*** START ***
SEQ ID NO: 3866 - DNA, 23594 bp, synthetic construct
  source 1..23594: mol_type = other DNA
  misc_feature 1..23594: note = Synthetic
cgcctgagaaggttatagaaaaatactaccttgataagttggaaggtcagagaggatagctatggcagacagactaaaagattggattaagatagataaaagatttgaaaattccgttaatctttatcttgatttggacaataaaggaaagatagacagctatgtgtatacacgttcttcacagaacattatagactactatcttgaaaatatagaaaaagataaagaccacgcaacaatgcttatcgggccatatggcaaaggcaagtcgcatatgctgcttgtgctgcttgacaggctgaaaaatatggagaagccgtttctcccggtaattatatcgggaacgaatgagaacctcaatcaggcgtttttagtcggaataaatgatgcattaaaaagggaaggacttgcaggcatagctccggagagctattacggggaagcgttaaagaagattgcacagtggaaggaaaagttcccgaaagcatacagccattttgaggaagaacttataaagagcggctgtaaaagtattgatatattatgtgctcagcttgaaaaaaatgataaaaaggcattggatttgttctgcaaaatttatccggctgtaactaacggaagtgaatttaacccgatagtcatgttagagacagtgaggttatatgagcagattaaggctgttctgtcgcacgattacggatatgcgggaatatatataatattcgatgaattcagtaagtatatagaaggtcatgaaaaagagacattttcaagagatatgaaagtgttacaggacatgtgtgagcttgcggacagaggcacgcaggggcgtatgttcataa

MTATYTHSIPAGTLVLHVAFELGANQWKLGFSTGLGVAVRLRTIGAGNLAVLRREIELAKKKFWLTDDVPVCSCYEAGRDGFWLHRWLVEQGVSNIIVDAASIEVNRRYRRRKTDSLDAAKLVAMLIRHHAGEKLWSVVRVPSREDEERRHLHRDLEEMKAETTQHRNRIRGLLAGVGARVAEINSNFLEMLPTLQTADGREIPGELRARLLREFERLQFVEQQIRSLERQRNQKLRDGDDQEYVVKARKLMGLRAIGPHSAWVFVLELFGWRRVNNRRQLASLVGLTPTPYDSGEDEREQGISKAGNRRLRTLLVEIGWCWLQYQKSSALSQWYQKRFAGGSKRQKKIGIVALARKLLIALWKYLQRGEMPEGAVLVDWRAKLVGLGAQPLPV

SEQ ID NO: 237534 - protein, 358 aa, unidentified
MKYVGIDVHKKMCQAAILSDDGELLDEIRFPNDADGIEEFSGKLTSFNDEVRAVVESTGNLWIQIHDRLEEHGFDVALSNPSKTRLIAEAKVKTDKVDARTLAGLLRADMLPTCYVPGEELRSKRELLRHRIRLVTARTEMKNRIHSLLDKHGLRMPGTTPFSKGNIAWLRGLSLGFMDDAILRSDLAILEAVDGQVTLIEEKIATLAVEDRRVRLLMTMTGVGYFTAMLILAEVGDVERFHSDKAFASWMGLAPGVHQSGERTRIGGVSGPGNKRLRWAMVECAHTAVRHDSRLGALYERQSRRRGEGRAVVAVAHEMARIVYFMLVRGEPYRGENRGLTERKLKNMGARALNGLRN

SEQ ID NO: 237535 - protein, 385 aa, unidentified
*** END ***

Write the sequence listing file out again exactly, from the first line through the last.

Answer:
SEQ ID NO: 3866 - DNA, 23594 bp, synthetic construct
  source 1..23594: mol_type = other DNA
  misc_feature 1..23594: note = Synthetic
cgcctgagaaggttatagaaaaatactaccttgataagttggaaggtcagagaggatagctatggcagacagactaaaagattggattaagatagataaaagatttgaaaattccgttaatctttatcttgatttggacaataaaggaaagatagacagctatgtgtatacacgttcttcacagaacattatagactactatcttgaaaatatagaaaaagataaagaccacgcaacaatgcttatcgggccatatggcaaaggcaagtcgcatatgctgcttgtgctgcttgacaggctgaaaaatatggagaagccgtttctcccggtaattatatcgggaacgaatgagaacctcaatcaggcgtttttagtcggaataaatgatgcattaaaaagggaaggacttgcaggcatagctccggagagctattacggggaagcgttaaagaagattgcacagtggaaggaaaagttcccgaaagcatacagccattttgaggaagaacttataaagagcggctgtaaaagtattgatatattatgtgctcagcttgaaaaaaatgataaaaaggcattggatttgttctgcaaaatttatccggctgtaactaacggaagtgaatttaacccgatagtcatgttagagacagtgaggttatatgagcagattaaggctgttctgtcgcacgattacggatatgcgggaatatatataatattcgatgaattcagtaagtatatagaaggtcatgaaaaagagacattttcaagagatatgaaagtgttacaggacatgtgtgagcttgcggacagaggcacgcaggggcgtatgttcataa

MTATYTHSIPAGTLVLHVAFELGANQWKLGFSTGLGVAVRLRTIGAGNLAVLRREIELAKKKFWLTDDVPVCSCYEAGRDGFWLHRWLVEQGVSNIIVDAASIEVNRRYRRRKTDSLDAAKLVAMLIRHHAGEKLWSVVRVPSREDEERRHLHRDLEEMKAETTQHRNRIRGLLAGVGARVAEINSNFLEMLPTLQTADGREIPGELRARLLREFERLQFVEQQIRSLERQRNQKLRDGDDQEYVVKARKLMGLRAIGPHSAWVFVLELFGWRRVNNRRQLASLVGLTPTPYDSGEDEREQGISKAGNRRLRTLLVEIGWCWLQYQKSSALSQWYQKRFAGGSKRQKKIGIVALARKLLIALWKYLQRGEMPEGAVLVDWRAKLVGLGAQPLPV

SEQ ID NO: 237534 - protein, 358 aa, unidentified
MKYVGIDVHKKMCQAAILSDDGELLDEIRFPNDADGIEEFSGKLTSFNDEVRAVVESTGNLWIQIHDRLEEHGFDVALSNPSKTRLIAEAKVKTDKVDARTLAGLLRADMLPTCYVPGEELRSKRELLRHRIRLVTARTEMKNRIHSLLDKHGLRMPGTTPFSKGNIAWLRGLSLGFMDDAILRSDLAILEAVDGQVTLIEEKIATLAVEDRRVRLLMTMTGVGYFTAMLILAEVGDVERFHSDKAFASWMGLAPGVHQSGERTRIGGVSGPGNKRLRWAMVECAHTAVRHDSRLGALYERQSRRRGEGRAVVAVAHEMARIVYFMLVRGEPYRGENRGLTERKLKNMGARALNGLRN

SEQ ID NO: 237535 - protein, 385 aa, unidentified